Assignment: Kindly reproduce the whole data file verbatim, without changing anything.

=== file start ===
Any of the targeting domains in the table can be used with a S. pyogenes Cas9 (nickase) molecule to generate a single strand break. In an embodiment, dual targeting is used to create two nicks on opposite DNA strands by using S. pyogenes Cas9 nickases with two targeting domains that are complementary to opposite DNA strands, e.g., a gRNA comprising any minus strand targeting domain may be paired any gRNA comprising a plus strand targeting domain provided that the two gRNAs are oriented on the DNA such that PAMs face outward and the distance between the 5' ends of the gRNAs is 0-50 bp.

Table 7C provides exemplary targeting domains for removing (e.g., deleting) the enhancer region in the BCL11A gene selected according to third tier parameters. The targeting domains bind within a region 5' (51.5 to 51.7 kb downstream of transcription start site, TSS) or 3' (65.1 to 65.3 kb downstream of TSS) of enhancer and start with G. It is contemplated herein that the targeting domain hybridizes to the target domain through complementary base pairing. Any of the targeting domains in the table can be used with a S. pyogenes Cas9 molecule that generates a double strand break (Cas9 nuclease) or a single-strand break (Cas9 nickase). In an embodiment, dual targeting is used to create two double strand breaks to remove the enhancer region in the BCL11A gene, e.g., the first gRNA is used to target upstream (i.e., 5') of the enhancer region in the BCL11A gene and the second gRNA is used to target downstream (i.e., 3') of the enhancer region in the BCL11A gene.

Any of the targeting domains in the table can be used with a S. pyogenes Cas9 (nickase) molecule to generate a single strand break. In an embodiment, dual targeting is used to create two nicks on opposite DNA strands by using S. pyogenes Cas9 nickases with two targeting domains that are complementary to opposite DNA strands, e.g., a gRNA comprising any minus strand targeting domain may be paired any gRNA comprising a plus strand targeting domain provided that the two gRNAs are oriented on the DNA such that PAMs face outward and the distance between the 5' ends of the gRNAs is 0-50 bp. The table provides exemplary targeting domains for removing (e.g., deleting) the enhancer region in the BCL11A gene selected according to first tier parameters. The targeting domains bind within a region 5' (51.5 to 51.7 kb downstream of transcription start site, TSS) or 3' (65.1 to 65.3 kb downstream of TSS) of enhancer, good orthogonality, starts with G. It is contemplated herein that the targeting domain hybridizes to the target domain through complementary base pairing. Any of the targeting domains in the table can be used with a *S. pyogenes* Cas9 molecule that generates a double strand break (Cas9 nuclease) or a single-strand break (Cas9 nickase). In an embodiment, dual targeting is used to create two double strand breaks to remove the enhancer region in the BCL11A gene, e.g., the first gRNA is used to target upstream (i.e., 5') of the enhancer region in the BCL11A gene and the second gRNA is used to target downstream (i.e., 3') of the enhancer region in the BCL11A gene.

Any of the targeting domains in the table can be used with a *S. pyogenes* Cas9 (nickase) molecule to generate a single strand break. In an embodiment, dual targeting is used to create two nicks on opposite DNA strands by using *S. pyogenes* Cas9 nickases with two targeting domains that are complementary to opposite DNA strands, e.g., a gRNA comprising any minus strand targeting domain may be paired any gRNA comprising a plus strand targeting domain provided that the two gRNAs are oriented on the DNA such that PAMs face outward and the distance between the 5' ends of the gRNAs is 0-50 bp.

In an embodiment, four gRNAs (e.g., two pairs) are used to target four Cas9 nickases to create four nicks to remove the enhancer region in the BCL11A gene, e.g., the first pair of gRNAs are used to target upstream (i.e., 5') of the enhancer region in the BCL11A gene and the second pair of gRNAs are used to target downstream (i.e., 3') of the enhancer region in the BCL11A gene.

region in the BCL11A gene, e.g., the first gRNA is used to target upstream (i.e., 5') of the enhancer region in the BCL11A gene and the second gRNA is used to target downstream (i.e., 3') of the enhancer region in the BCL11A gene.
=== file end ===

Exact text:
Any of the targeting domains in the table can be used with a S. pyogenes Cas9 (nickase) molecule to generate a single strand break. In an embodiment, dual targeting is used to create two nicks on opposite DNA strands by using S. pyogenes Cas9 nickases with two targeting domains that are complementary to opposite DNA strands, e.g., a gRNA comprising any minus strand targeting domain may be paired any gRNA comprising a plus strand targeting domain provided that the two gRNAs are oriented on the DNA such that PAMs face outward and the distance between the 5' ends of the gRNAs is 0-50 bp.

Table 7C provides exemplary targeting domains for removing (e.g., deleting) the enhancer region in the BCL11A gene selected according to third tier parameters. The targeting domains bind within a region 5' (51.5 to 51.7 kb downstream of transcription start site, TSS) or 3' (65.1 to 65.3 kb downstream of TSS) of enhancer and start with G. It is contemplated herein that the targeting domain hybridizes to the target domain through complementary base pairing. Any of the targeting domains in the table can be used with a S. pyogenes Cas9 molecule that generates a double strand break (Cas9 nuclease) or a single-strand break (Cas9 nickase). In an embodiment, dual targeting is used to create two double strand breaks to remove the enhancer region in the BCL11A gene, e.g., the first gRNA is used to target upstream (i.e., 5') of the enhancer region in the BCL11A gene and the second gRNA is used to target downstream (i.e., 3') of the enhancer region in the BCL11A gene.

Any of the targeting domains in the table can be used with a S. pyogenes Cas9 (nickase) molecule to generate a single strand break. In an embodiment, dual targeting is used to create two nicks on opposite DNA strands by using S. pyogenes Cas9 nickases with two targeting domains that are complementary to opposite DNA strands, e.g., a gRNA comprising any minus strand targeting domain may be paired any gRNA comprising a plus strand targeting domain provided that the two gRNAs are oriented on the DNA such that PAMs face outward and the distance between the 5' ends of the gRNAs is 0-50 bp. The table provides exemplary targeting domains for removing (e.g., deleting) the enhancer region in the BCL11A gene selected according to first tier parameters. The targeting domains bind within a region 5' (51.5 to 51.7 kb downstream of transcription start site, TSS) or 3' (65.1 to 65.3 kb downstream of TSS) of enhancer, good orthogonality, starts with G. It is contemplated herein that the targeting domain hybridizes to the target domain through complementary base pairing. Any of the targeting domains in the table can be used with a *S. pyogenes* Cas9 molecule that generates a double strand break (Cas9 nuclease) or a single-strand break (Cas9 nickase). In an embodiment, dual targeting is used to create two double strand breaks to remove the enhancer region in the BCL11A gene, e.g., the first gRNA is used to target upstream (i.e., 5') of the enhancer region in the BCL11A gene and the second gRNA is used to target downstream (i.e., 3') of the enhancer region in the BCL11A gene.

Any of the targeting domains in the table can be used with a *S. pyogenes* Cas9 (nickase) molecule to generate a single strand break. In an embodiment, dual targeting is used to create two nicks on opposite DNA strands by using *S. pyogenes* Cas9 nickases with two targeting domains that are complementary to opposite DNA strands, e.g., a gRNA comprising any minus strand targeting domain may be paired any gRNA comprising a plus strand targeting domain provided that the two gRNAs are oriented on the DNA such that PAMs face outward and the distance between the 5' ends of the gRNAs is 0-50 bp.

In an embodiment, four gRNAs (e.g., two pairs) are used to target four Cas9 nickases to create four nicks to remove the enhancer region in the BCL11A gene, e.g., the first pair of gRNAs are used to target upstream (i.e., 5') of the enhancer region in the BCL11A gene and the second pair of gRNAs are used to target downstream (i.e., 3') of the enhancer region in the BCL11A gene.

region in the BCL11A gene, e.g., the first gRNA is used to target upstream (i.e., 5') of the enhancer region in the BCL11A gene and the second gRNA is used to target downstream (i.e., 3') of the enhancer region in the BCL11A gene.